The University of Calgary and Students' Union are coming to paint the town red with millions of dollars thanks to the Quality Money Initiative. The collaboration between the Students' Union and university administration will see nine new projects, such as a campus bike initiative, a co-curricular transcript and an SU Wellness Centre being funded by $1.4 million.
The campus saw a new media campaign by the SU and the U of C Communication Department displaying the success of the QMI with large television screens set outside the SU office in efforts to raise awareness.
SU president Julie Bogle explained SU presidents from other universities often question her about the quality money project and she felt the video was able to better promote it.
"We felt that it was necessary to show the greater community what can happen when students have the ability to put money behind the projects they feel essential to improve the student experience," said Bogle. "We're now in our fourth year of operations and are able to truly see the impact these initiatives have had on the student experience."
Vice-provost students Ann Tierney agreed.
"The Administration thinks both [the] Students' Union and Graduate Students' Association have made very valuable investments in the student experience on campus and we are very proud to be associated with this initiative," said Tierney.
Tierney explained the $1.4 million comes from the university budget, comprised of funds from government grants, tuition revenue, and donations.
"We build the quality money right into the budget," said Tierney.
Bogle explained that the Quality Money Committee and the SU used a set of formulas in making recommendations to determine whether a proposal gets funded or not. The decision is based on the proposal's universal appeal, tangible benefits, responsiveness to students' needs, suitability and the results of plebiscites.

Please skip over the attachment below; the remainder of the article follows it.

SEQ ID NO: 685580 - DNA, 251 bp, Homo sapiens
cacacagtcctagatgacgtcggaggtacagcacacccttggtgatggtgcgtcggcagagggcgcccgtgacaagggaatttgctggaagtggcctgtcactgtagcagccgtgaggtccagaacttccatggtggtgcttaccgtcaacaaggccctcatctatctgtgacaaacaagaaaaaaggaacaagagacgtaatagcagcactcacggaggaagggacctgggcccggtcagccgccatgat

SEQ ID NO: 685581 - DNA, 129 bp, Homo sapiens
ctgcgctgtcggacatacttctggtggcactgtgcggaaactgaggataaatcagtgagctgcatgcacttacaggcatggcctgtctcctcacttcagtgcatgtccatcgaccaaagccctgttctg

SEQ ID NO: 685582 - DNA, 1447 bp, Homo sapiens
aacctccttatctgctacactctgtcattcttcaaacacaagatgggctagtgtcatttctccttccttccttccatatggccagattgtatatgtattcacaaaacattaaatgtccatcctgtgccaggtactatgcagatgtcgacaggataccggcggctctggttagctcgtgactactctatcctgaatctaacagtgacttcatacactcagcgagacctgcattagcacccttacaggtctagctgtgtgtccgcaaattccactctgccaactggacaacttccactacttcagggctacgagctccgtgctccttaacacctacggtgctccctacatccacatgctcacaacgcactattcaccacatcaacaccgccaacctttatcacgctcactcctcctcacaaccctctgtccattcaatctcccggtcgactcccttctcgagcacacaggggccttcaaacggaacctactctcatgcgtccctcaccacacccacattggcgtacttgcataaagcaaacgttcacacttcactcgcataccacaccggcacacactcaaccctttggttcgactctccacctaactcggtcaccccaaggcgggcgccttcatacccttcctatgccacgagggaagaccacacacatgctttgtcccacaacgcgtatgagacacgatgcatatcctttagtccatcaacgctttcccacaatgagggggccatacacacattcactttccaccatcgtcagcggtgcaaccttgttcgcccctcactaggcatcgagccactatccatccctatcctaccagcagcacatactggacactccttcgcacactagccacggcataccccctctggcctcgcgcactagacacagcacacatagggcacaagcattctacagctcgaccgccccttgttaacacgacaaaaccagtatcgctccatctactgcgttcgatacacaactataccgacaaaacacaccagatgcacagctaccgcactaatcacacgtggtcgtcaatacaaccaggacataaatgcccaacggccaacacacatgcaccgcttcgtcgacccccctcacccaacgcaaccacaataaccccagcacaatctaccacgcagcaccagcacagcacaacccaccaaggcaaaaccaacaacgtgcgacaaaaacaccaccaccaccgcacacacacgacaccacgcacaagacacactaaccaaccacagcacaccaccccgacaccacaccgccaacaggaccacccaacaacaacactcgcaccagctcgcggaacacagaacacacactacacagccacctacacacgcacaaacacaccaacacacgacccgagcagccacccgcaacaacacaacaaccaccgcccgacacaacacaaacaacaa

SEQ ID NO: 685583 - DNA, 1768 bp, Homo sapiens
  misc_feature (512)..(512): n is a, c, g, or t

"A number of proposals were unsuccessful this year because we felt that they fell into university administration's role instead," said Bogle.
The nine projects being funded by the QMI include a campus bike initiative, Undergraduate Peer Mentorship, the Co-curricular Transcript Program and SU clubs awards.
Bogle said the Campus Bike Initiative project--receiving $35,503--would assist students in providing an on-campus bike co-operative which would allow students to borrow bikes and acquire repairing skills.
"The bike initiative would also help support the sustainability efforts the SU is undertaking on campus, as showcased during Enviropalooza," said Bogle.
Tierney stressed the importance of the co-curricular transcripts funded with $239,014. It is based on a model used at Sir Wilfred Laurier University and would encourage more students to engage in extra-curricular activities.
"It improves the student's experience by providing recognition of importance of involvement, which is important when students apply for jobs," said Tierney.
The SU and university hope to encourage more student involvement through SU Club awards.
"The Students' Union will offer 10 annual scholarships of $1,000 for a three-year period, based on the criteria which focus on students who have made significant contributions to SU-sanctioned clubs," said Bogle.
Both Bogle and Tierney are excited about building undergraduate peer mentoring into courses across the university.
"Mentorship funding would assists students as they go through university and provides additional support to those needing extra advising," noted Tierney.
Other projects, such as an SU Wellness Centre, MSC South Courtyard Renovation, MSC computer kiosks, Inter-Institutional Residence feasibility study and summer work experience would receive funding as well.